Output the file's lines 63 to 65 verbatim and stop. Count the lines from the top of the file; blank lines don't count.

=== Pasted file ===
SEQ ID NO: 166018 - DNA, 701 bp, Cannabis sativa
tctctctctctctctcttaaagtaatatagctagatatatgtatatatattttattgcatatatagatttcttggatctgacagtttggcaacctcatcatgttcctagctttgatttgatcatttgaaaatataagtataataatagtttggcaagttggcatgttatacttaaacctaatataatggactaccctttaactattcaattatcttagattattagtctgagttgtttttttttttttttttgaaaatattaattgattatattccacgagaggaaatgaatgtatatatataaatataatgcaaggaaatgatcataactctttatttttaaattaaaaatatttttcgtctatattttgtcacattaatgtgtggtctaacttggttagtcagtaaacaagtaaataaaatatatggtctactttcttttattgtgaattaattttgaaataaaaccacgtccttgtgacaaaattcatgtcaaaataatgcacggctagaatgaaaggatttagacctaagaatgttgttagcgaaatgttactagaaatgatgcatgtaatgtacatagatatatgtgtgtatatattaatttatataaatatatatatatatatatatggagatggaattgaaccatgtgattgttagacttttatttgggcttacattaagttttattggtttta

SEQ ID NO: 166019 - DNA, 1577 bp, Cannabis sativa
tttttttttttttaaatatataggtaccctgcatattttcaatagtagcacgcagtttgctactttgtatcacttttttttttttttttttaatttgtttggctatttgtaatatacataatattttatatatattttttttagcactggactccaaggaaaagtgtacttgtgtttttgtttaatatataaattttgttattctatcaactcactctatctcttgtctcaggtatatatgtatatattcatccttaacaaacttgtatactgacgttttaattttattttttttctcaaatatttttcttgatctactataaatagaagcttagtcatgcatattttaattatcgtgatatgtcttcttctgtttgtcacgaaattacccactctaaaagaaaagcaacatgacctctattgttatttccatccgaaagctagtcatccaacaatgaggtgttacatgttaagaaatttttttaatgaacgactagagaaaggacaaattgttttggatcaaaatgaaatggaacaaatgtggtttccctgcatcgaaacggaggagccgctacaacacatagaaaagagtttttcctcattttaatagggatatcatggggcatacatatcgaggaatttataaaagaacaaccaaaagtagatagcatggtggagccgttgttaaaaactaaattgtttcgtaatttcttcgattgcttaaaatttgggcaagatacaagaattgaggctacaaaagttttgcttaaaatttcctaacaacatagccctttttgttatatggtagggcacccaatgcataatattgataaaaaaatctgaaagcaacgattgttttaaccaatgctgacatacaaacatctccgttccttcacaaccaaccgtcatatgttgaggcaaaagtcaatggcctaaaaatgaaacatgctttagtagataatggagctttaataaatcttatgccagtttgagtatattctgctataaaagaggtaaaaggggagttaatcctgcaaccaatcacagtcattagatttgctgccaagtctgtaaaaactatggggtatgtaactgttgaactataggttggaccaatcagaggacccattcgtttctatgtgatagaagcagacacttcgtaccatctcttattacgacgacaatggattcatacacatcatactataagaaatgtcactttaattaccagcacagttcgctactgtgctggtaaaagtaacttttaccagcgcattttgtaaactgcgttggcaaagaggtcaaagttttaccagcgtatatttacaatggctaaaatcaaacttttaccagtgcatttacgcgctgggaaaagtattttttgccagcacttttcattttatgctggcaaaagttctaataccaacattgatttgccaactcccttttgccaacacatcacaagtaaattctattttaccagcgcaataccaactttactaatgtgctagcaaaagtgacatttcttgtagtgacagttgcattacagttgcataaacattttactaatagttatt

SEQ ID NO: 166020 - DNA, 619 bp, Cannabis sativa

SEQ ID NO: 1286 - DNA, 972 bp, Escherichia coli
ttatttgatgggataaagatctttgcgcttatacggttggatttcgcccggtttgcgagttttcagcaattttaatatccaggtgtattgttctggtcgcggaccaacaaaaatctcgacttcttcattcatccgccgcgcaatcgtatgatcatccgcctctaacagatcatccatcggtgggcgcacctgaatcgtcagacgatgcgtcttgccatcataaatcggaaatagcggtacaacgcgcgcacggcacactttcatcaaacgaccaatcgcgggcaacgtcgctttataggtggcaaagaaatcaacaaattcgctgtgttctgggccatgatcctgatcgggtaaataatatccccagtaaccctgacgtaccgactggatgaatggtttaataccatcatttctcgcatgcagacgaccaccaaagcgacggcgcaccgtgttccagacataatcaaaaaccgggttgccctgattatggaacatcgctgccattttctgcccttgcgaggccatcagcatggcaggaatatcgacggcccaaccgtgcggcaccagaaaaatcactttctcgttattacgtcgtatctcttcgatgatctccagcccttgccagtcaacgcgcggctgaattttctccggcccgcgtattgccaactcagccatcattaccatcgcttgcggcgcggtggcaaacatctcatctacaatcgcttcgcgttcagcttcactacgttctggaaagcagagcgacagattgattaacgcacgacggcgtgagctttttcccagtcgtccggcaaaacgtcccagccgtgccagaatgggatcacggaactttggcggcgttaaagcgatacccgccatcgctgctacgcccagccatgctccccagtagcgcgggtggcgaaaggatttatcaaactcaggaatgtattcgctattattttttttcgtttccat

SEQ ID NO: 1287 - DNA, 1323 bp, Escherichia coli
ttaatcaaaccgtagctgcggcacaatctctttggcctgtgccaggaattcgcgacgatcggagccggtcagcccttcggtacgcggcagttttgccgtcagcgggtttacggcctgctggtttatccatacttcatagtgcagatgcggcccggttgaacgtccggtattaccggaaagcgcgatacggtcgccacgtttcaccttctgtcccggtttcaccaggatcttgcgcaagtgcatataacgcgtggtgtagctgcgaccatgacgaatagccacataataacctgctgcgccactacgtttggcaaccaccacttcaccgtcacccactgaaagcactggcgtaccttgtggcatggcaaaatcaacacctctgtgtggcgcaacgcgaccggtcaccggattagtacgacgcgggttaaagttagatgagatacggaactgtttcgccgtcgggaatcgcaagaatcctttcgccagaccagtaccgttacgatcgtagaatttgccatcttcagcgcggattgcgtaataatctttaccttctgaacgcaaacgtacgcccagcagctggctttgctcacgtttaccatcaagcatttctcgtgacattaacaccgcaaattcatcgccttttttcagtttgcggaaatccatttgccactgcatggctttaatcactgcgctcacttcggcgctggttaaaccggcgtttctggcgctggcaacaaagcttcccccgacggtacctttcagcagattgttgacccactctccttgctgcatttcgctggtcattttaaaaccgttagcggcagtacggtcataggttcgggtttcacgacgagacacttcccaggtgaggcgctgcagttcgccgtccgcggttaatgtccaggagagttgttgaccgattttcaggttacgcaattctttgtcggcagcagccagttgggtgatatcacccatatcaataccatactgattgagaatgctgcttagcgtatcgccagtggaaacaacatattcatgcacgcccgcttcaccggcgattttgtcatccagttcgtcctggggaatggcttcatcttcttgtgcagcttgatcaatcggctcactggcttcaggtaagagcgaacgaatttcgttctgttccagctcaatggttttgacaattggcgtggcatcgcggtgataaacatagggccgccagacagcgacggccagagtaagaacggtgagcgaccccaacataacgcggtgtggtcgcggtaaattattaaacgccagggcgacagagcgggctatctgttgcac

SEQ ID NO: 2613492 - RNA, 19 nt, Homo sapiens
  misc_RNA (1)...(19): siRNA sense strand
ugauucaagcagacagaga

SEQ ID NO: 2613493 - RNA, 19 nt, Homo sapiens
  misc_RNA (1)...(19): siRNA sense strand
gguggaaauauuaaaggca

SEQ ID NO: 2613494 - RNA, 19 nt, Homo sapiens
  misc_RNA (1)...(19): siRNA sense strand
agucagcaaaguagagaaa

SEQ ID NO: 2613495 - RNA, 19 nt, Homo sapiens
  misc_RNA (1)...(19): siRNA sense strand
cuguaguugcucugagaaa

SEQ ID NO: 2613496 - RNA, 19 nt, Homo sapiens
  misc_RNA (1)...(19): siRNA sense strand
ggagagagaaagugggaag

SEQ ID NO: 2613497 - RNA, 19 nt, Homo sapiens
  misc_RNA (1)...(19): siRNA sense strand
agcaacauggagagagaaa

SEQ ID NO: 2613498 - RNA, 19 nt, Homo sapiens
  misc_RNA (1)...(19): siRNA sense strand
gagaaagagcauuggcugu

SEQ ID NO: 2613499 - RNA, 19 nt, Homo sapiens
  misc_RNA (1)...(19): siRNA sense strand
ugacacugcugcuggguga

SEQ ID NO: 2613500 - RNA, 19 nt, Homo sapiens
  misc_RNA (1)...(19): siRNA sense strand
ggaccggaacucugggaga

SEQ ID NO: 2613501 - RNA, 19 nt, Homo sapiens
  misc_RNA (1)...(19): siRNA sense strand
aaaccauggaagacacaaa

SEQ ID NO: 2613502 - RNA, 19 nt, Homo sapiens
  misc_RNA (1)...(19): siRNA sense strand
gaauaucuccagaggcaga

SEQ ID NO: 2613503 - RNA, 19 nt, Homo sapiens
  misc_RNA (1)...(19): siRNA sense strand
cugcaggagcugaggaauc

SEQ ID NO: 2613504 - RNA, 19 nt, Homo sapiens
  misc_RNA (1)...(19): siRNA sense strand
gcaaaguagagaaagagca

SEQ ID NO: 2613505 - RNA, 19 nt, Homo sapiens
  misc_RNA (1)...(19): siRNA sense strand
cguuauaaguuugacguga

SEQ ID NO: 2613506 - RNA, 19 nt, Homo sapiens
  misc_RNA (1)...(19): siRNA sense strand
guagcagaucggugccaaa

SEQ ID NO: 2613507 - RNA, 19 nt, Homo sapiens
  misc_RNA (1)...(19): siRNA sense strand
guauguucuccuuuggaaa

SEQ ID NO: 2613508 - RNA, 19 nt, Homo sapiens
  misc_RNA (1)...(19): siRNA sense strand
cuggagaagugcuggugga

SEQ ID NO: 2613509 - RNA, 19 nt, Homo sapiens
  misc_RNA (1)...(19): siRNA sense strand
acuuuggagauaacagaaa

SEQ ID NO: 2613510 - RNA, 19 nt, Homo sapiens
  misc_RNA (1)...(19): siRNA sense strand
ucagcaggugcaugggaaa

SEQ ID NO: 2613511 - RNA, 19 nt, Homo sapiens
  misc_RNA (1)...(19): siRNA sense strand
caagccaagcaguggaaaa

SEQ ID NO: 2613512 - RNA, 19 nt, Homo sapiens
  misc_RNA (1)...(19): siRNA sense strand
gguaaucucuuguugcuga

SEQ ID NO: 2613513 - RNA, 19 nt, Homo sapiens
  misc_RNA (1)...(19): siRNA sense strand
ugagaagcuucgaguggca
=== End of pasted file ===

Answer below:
acuuuggagauaacagaaa

SEQ ID NO: 2613510 - RNA, 19 nt, Homo sapiens
  misc_RNA (1)...(19): siRNA sense strand